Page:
This letter was written by George Randall Roberts (1818-1891). From the year 1848 until his death in 1875 George R. Roberts was a prominent member of the lumber fraternity of Chicago. Mr. Roberts was born at Mohawk, Herkimer County, New York. His father, Col. Amos Roberts, was born at Litchfield, Connecticut, in 1786, and served with distinction in the War of 1812, where he won a colonelcy. He was a merchant by occupation and came west to Grand Rapids, Michigan, in 1837, where he for many years kept a general store, combining with it the manufacture of lumber on the Rogue River, a branch of Grand River, and these occupations were continued until his death in 1873, aged eighty years. He was married in 1809 to Sally, daughter of Jacob Hurd, of Middle Haddam, Conn., who survived him and lived to the ripe old age of one hundred years and seven months, passing away February 7, 1891.
George R. received his education in the common schools of the day, and in 1838, with his brother Amos, began farming near Ionia, Mich., but his inclinations tending more to merchandise, he abandoned the farm in 1847 and settled at Chicago, in a lumber business, at Harrison Street and the river, his father and younger brother William supplying stock from their mill on Rogue River, and being the silent partners of the firm of George R. Roberts & Co. During the same season the business was sold to D. R. Holt, who from that time has figured in the trade of this city. Losing trace of his record for a period subsequent to the panic times of 1847 we find him again recorded in the directory of 1851 as located at a yard on West Water Street, and in 1853-54 he is described as being on the river between Madison and Monroe Streets, and about this time we find his name in connection with that of T. Sylvester Parker. The family still continued to operate a mill on the Rogue River, upon which Mr. Roberts mainly depended for supplies, which during the earlier years, from 1838 reached Grand Haven by raft, and were there loaded upon vessels for Chicago. The partnership with T. Sylvester Parker terminated in 1861, and during 1862 Mr. Roberts operated his yards alone, but in 1863 took as a silent partner William H. Waite, then cashier of the Western Marine and Fire Insurance Bank, Morton B. Hull representing the Waite interest and acting as book-keeper for the firm until the spring of 1866, when Mr. Hull and James B. Calkins purchasing the Waite interest, the firm became Roberts, Calkins & Hull, and continued in business until late in 1868, when Mr. Hull, purchasing the Calkins interest, the firm on January I, 1869, became Roberts & Hull, and so continued for three years after the death of Mr. Roberts in 1875, according to a request in his will, in which Mr. Hull was named as executor.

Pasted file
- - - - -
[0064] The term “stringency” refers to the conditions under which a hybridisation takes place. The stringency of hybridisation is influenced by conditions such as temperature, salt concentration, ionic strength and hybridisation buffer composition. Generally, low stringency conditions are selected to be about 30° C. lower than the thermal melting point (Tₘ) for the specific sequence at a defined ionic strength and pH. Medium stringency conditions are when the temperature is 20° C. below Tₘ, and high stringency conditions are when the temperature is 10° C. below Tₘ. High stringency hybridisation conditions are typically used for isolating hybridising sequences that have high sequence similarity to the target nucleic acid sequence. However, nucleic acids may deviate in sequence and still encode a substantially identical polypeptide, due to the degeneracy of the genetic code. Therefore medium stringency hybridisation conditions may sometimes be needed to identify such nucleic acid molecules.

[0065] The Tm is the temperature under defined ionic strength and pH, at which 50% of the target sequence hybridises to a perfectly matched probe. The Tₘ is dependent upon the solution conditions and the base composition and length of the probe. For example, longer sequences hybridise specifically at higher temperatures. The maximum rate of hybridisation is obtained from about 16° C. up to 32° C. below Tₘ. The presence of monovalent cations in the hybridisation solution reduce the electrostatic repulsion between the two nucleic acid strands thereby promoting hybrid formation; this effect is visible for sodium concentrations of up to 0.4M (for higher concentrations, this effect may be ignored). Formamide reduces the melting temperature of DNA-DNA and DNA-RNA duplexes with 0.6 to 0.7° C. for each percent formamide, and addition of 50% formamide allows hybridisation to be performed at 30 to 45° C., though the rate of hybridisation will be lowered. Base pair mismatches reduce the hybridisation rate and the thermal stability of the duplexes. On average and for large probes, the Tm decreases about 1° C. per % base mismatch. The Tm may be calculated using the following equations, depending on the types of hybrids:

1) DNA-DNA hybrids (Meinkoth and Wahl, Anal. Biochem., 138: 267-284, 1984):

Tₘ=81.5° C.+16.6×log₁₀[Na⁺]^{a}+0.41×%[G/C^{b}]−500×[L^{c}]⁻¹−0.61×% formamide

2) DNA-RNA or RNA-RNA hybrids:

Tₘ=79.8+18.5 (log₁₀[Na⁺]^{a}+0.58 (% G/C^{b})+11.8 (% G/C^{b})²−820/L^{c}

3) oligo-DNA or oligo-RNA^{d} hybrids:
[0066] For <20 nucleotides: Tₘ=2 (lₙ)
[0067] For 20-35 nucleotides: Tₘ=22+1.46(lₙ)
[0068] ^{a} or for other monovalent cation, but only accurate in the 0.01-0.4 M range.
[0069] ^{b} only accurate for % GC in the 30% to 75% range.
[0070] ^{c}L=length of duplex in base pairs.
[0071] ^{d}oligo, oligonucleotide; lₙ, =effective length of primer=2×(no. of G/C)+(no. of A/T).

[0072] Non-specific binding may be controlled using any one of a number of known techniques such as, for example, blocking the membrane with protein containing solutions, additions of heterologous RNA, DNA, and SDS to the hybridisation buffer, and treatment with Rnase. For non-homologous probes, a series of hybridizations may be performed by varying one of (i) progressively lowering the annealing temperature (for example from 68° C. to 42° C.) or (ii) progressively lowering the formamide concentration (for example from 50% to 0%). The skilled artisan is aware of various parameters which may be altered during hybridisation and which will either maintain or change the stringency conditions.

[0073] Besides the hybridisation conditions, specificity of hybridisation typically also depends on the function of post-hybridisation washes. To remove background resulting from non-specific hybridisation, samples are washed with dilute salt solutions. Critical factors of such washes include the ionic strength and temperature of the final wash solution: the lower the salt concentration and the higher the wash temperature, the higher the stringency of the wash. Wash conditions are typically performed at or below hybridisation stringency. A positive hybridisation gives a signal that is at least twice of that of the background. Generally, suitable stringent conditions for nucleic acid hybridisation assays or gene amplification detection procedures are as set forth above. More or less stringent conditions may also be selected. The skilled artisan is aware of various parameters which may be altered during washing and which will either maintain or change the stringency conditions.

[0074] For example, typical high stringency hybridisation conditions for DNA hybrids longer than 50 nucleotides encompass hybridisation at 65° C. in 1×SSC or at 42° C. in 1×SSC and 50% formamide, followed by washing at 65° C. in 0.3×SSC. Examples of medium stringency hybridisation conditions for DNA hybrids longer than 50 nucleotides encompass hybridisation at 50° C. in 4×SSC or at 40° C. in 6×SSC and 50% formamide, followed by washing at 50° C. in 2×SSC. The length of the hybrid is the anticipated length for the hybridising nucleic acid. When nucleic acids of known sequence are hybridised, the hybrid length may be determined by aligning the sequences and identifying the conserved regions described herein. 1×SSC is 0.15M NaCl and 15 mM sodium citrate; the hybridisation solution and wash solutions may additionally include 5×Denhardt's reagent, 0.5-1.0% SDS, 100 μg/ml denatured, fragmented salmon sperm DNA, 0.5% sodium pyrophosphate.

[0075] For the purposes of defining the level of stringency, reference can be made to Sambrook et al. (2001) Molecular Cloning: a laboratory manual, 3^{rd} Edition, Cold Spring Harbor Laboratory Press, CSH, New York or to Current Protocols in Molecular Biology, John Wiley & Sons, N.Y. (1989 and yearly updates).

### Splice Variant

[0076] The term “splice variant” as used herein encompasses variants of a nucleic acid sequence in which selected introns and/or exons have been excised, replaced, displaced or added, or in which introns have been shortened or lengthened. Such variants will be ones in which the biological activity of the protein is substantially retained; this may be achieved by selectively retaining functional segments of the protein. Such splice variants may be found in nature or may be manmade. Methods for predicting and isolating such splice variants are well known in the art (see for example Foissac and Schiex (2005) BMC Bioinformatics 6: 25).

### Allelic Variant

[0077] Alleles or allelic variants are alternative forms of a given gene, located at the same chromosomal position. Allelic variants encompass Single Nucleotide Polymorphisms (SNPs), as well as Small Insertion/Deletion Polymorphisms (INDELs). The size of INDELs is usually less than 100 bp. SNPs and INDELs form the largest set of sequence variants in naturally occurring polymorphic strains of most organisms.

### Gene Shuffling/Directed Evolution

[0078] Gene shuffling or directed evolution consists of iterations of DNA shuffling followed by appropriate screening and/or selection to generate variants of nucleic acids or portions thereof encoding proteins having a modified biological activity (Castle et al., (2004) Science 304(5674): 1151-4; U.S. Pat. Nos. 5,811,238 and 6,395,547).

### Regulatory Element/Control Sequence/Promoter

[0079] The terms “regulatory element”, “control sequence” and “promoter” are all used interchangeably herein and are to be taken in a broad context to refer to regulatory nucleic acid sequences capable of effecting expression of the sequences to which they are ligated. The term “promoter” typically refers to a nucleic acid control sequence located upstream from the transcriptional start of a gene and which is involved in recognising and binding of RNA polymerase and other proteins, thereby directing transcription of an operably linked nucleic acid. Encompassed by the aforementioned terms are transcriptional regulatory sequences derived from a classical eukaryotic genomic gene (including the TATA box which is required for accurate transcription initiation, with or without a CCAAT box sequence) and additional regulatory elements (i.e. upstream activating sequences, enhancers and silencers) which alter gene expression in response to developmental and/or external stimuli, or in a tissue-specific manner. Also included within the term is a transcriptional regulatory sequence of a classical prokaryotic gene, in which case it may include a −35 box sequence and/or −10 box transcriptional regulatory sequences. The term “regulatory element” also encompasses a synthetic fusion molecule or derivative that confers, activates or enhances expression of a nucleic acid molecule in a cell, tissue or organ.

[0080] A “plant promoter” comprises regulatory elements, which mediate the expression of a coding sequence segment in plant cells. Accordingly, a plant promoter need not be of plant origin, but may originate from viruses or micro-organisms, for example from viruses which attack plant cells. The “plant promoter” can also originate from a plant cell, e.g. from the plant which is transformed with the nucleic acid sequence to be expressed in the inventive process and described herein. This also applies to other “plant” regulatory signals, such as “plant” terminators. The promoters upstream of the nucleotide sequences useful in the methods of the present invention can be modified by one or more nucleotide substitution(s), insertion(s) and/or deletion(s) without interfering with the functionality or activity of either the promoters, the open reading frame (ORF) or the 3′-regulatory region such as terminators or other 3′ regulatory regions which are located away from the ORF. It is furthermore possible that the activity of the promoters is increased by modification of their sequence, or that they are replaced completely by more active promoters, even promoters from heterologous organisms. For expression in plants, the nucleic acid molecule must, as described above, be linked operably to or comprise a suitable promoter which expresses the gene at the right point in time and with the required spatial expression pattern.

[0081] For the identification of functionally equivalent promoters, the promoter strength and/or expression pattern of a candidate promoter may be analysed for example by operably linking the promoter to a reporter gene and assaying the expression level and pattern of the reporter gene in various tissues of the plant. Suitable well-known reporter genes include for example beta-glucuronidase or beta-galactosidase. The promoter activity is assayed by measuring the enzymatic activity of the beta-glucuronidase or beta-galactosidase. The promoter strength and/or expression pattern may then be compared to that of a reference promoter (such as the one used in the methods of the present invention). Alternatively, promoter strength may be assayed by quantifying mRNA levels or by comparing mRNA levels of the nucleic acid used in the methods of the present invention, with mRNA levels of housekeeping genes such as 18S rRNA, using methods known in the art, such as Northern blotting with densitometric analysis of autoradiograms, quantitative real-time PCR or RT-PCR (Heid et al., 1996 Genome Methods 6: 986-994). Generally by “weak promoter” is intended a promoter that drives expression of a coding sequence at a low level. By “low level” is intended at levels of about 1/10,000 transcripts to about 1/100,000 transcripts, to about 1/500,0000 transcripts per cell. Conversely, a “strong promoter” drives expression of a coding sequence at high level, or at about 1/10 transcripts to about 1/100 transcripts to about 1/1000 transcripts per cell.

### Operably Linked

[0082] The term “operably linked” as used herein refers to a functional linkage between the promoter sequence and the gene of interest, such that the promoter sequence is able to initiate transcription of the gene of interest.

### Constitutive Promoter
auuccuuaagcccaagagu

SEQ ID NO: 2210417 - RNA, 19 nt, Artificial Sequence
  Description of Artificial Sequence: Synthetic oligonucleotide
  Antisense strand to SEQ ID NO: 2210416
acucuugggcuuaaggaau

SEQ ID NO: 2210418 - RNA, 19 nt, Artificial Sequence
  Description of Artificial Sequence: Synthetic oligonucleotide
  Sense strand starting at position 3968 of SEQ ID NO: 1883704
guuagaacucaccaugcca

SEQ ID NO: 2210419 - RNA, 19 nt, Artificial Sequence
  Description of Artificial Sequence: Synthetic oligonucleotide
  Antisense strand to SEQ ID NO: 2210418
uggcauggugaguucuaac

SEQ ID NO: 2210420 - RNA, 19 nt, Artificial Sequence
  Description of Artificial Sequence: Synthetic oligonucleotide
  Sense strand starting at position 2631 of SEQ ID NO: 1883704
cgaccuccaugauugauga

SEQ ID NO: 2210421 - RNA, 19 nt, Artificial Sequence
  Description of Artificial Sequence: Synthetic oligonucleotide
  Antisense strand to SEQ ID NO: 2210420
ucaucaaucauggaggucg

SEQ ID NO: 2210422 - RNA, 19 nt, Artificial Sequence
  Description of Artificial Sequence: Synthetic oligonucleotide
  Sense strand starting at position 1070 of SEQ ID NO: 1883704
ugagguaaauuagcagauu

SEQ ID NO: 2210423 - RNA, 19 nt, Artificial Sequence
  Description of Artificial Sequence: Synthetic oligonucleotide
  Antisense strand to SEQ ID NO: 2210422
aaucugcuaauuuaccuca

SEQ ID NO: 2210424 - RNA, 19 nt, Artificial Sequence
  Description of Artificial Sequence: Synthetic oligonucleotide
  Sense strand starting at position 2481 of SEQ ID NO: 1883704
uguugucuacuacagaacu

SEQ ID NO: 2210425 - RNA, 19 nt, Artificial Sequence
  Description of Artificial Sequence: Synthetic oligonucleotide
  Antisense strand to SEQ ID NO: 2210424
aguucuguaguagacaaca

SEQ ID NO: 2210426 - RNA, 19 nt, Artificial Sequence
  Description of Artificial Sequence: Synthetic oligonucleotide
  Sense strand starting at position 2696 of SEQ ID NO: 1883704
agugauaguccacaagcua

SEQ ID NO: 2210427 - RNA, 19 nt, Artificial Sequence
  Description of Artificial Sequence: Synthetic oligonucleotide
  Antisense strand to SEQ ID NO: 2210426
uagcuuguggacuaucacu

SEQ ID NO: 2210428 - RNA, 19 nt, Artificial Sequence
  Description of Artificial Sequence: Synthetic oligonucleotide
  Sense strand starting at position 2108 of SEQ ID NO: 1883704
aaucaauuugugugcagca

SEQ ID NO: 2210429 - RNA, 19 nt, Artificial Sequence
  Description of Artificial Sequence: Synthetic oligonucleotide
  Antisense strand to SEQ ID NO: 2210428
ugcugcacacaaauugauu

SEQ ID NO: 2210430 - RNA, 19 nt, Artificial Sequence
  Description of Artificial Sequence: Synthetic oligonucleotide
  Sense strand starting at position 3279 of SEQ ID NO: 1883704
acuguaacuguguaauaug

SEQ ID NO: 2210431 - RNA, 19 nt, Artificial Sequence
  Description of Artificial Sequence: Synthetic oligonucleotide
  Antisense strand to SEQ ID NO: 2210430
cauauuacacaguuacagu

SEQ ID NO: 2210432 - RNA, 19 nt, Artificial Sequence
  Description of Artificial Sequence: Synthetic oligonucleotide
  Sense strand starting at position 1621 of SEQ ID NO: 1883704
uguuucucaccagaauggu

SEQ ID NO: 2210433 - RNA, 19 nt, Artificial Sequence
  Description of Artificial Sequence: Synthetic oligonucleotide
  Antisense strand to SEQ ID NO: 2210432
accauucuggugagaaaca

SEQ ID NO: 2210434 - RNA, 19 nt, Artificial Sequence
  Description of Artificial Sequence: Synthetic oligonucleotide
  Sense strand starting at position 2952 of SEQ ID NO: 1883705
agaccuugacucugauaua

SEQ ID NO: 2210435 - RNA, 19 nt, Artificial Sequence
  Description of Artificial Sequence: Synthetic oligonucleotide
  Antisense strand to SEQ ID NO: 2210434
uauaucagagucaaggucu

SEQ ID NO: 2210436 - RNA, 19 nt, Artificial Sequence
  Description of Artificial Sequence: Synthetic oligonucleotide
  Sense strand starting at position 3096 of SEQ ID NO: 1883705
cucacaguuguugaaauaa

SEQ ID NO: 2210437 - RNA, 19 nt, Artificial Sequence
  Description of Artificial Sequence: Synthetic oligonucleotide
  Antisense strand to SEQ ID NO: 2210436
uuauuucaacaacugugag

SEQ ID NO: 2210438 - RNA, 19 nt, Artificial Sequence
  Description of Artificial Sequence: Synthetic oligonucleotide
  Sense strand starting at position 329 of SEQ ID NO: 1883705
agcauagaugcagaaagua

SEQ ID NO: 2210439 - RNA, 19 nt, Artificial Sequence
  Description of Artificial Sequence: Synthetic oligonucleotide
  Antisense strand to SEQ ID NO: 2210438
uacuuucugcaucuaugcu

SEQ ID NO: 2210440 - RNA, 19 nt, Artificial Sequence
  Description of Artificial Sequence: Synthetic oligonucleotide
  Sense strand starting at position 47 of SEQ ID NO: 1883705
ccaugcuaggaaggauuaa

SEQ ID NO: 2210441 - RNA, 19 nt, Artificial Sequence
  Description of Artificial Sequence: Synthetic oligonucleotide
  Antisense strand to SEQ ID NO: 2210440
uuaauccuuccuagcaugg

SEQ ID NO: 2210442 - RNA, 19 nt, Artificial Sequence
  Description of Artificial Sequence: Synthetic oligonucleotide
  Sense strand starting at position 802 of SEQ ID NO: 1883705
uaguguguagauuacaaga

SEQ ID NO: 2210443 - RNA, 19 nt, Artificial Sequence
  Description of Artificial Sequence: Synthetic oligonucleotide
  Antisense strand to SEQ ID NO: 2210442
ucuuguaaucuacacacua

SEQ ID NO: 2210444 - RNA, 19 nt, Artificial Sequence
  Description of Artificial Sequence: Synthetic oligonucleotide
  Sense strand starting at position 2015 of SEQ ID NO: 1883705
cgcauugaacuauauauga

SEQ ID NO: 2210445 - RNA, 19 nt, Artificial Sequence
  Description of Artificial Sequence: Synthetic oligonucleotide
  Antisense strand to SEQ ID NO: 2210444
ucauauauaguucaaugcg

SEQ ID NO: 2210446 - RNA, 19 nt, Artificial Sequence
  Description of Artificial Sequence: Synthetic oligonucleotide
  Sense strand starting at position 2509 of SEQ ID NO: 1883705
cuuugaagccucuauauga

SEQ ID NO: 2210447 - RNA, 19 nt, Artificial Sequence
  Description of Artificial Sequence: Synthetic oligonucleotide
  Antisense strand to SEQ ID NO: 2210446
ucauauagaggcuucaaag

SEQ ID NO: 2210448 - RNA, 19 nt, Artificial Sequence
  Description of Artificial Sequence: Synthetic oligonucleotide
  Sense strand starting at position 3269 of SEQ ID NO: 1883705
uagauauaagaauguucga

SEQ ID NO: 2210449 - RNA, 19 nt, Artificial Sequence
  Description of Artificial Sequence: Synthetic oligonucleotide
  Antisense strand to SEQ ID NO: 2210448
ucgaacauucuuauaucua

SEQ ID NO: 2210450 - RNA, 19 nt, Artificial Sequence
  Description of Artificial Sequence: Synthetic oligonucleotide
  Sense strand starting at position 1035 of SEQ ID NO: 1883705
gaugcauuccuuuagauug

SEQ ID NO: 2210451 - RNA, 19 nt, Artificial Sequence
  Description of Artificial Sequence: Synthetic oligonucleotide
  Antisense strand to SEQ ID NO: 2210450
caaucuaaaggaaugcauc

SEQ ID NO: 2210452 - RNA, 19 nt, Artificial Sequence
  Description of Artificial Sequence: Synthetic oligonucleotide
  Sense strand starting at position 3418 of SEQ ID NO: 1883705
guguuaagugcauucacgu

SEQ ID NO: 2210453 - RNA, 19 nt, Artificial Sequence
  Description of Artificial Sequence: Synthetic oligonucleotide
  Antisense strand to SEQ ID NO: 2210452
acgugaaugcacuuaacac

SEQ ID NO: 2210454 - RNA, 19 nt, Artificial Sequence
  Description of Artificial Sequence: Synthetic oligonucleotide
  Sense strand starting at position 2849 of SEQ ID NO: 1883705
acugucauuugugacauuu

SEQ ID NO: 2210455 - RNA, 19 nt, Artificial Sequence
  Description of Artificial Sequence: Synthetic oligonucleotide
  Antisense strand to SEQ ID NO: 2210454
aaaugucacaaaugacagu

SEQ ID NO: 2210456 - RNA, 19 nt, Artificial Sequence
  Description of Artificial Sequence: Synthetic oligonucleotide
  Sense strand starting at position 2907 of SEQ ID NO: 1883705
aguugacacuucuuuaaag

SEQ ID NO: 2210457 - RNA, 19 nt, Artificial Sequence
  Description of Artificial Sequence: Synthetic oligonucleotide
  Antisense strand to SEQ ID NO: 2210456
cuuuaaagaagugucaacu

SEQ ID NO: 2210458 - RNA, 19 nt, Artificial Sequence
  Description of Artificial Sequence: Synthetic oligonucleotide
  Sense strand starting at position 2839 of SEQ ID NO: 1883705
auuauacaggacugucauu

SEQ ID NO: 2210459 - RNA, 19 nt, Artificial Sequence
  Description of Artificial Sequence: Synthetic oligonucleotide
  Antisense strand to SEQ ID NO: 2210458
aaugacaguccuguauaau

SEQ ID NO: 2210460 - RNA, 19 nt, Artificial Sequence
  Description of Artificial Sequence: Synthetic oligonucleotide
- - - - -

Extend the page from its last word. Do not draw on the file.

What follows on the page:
George Roberts was married in 1852 to Ann Augusta Buckley, of Hartford, Connecticut. [Source: Industrial Chicago]
In this letter to his father, Robert mentions the Foss family who were also in the lumber business in Chicago. The family — four sons and four daughters – from Strafford County, New Hampshire, came to Chicago in the 1840s. Samuel and Robert Foss set up a planing machine of their own design and manufacture in a two-story building on Market Street, between Washington and Madison, near George’s lumber yard. They did a good business there until the building was destroyed by fire in 1847. Subsequently they rebuilt at the corner of Canal and Monroe Streets.